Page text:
“Place” is a tricky topic for a military kid. As a child and then wife of the military, I have spent my entire life moving around: from Arkansas to Greece to Texas to Germany. Then Mississippi, Illinois, North Carolina, California… You get the idea. Because of this somewhat nomadic lifestyle, I quickly learned to make new friends, and I quickly became accustomed to saying goodbye. So, last year when my husband and I decided to move from St. Louis to Denver for him to attend medical school, it didn’t seem all that out of the ordinary. Moving was always pretty easy for me; it was just part of life.
So, then, why was it so hard? I think the answer is “because I had found a home.”
This home is not a building nor a location, but a very connected group of people – and a shared set of ideas. This home is made up of my fellow St. Louis improvisers.
St. Louis is the place I first took an improv class. From that very first day, I knew I had encountered something special. Here was a group of people who embraced life, play and, most importantly, each other. I knew I was home immediately. Since that day in 2010, improv has been a huge part of my life. It has improved my ability and increased my desire to work on teams, be completely myself, care for others, listen and say “yes” to new opportunities. In The Improv Shop’s training program, I learned to listen and appreciate everything that comes out of my scene partners’ mouths. I learned that there are no mistakes – even from myself. I learned that being myself and bringing my perspective makes for great scenes and great friendships. I learned that I am not the only one (far from it) with insecurities, with differences, with worries and with fears. The Improv Shop’s coaches, students and veterans taught me that failing is a crucial part of success, so it should be done magnificently. That flaws are not flaws at all but idiosyncrasies that make us unique and perfect versions of ourselves. That we all have compassion, intelligence, moments of pride and confidence or worry and confusion… so many commonalities that it’s crazy not to think of ourselves as one. The Improv Shop taught me all of these lessons, and enabled me to learn them alongside others, which is the best way to do it. When we failed, we failed together, and when we succeeded, it wasn’t because of one person but our cohesive group, our teamwork, our trust.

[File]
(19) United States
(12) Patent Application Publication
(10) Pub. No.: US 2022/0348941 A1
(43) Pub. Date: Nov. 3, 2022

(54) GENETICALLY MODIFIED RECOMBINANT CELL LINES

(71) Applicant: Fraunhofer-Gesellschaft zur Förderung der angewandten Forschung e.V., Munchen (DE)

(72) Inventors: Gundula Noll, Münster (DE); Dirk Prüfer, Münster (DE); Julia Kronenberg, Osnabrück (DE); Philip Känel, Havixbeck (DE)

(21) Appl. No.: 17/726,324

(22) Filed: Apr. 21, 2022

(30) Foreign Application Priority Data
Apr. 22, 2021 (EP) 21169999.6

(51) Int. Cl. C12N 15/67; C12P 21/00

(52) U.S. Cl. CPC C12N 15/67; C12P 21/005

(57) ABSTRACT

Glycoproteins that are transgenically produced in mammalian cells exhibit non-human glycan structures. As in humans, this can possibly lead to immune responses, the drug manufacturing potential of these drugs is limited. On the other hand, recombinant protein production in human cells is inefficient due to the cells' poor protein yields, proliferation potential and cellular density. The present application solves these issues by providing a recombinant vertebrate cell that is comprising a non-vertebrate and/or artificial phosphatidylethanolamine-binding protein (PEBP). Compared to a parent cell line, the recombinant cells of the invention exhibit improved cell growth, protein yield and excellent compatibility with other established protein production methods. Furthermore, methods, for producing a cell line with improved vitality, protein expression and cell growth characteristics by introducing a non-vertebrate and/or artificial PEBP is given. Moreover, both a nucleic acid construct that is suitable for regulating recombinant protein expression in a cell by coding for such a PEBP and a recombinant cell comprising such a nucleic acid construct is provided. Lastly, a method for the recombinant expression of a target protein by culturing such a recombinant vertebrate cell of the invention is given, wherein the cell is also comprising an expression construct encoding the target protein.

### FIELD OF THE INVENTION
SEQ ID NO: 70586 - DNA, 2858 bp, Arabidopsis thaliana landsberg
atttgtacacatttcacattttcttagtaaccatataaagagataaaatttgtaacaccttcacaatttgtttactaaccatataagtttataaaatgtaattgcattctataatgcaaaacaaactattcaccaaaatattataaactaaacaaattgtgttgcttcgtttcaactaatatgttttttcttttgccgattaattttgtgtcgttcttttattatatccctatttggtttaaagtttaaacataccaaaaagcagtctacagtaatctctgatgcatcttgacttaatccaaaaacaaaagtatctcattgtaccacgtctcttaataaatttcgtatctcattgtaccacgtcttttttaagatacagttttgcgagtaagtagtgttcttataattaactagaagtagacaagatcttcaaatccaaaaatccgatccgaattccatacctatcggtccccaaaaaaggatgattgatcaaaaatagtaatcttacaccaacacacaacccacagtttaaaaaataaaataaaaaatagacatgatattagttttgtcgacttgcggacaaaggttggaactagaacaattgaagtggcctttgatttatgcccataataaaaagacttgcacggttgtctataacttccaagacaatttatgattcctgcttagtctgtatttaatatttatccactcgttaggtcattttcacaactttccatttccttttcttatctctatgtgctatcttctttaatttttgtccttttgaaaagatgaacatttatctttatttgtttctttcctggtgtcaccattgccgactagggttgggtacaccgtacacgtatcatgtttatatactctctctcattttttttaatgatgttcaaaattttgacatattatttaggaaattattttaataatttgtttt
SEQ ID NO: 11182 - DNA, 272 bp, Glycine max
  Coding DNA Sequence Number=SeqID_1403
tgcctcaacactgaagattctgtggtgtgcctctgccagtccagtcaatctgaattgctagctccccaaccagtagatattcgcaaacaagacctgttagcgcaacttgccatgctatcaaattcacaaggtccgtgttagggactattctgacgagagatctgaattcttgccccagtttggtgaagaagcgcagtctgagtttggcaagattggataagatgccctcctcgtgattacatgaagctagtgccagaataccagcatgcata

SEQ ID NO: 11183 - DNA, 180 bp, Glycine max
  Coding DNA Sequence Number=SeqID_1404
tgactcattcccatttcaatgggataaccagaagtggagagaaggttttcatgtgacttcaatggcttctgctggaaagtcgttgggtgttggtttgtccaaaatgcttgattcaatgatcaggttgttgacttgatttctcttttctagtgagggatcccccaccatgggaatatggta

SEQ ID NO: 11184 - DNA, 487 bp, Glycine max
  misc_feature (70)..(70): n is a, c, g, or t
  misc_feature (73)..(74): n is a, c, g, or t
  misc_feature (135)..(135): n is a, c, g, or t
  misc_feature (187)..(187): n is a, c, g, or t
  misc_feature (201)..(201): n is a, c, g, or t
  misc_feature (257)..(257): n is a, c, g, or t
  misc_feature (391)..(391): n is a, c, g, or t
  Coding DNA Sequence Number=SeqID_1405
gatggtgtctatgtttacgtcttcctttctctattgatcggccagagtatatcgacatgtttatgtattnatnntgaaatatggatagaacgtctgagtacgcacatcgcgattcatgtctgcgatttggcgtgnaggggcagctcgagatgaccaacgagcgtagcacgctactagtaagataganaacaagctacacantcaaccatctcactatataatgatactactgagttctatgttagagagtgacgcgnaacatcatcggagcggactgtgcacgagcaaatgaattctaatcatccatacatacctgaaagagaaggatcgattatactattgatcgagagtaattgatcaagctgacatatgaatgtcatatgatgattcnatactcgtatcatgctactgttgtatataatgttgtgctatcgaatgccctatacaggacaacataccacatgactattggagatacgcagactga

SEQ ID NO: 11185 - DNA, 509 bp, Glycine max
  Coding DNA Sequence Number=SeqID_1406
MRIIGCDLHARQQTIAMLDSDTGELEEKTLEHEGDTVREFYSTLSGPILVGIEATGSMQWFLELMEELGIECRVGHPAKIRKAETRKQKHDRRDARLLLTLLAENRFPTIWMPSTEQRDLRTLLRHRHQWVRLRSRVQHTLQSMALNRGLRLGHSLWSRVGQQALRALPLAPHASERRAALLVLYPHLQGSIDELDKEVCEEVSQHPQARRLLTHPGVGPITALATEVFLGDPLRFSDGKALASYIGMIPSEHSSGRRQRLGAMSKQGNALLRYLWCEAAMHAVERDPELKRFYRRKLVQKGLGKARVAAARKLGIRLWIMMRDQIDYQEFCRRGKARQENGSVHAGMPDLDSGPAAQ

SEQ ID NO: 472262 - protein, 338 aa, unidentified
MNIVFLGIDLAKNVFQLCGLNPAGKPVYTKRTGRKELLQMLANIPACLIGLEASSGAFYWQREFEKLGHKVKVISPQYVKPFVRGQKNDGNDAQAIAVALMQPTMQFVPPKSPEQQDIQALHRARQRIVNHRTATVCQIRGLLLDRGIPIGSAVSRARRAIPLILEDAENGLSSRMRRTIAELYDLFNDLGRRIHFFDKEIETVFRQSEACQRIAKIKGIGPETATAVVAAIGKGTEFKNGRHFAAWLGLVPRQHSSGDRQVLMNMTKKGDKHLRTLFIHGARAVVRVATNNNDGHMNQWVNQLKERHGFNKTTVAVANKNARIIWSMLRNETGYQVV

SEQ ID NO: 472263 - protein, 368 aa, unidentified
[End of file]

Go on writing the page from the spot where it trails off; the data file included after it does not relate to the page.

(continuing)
All my life, people would ask me “Where are you from?” and I would chuckle and explain that I don’t really have a “from.” I was born in Arkansas but moved when I was about six months old. Until high school, the longest I had ever lived in one place was four years. St. Louis is home. The Improv Shop is home. That community – built by us one class, one show, one venue at a time, is home.
As a military dependent almost all my life, I have learned that home really is where the heart is. I have also learned that a home is not something you leave behind in a moving truck; it’s a compilation of memories and life lessons that you can take with you anywhere, building on it as you acquire new homes. Let’s see what you’ve got, Denver.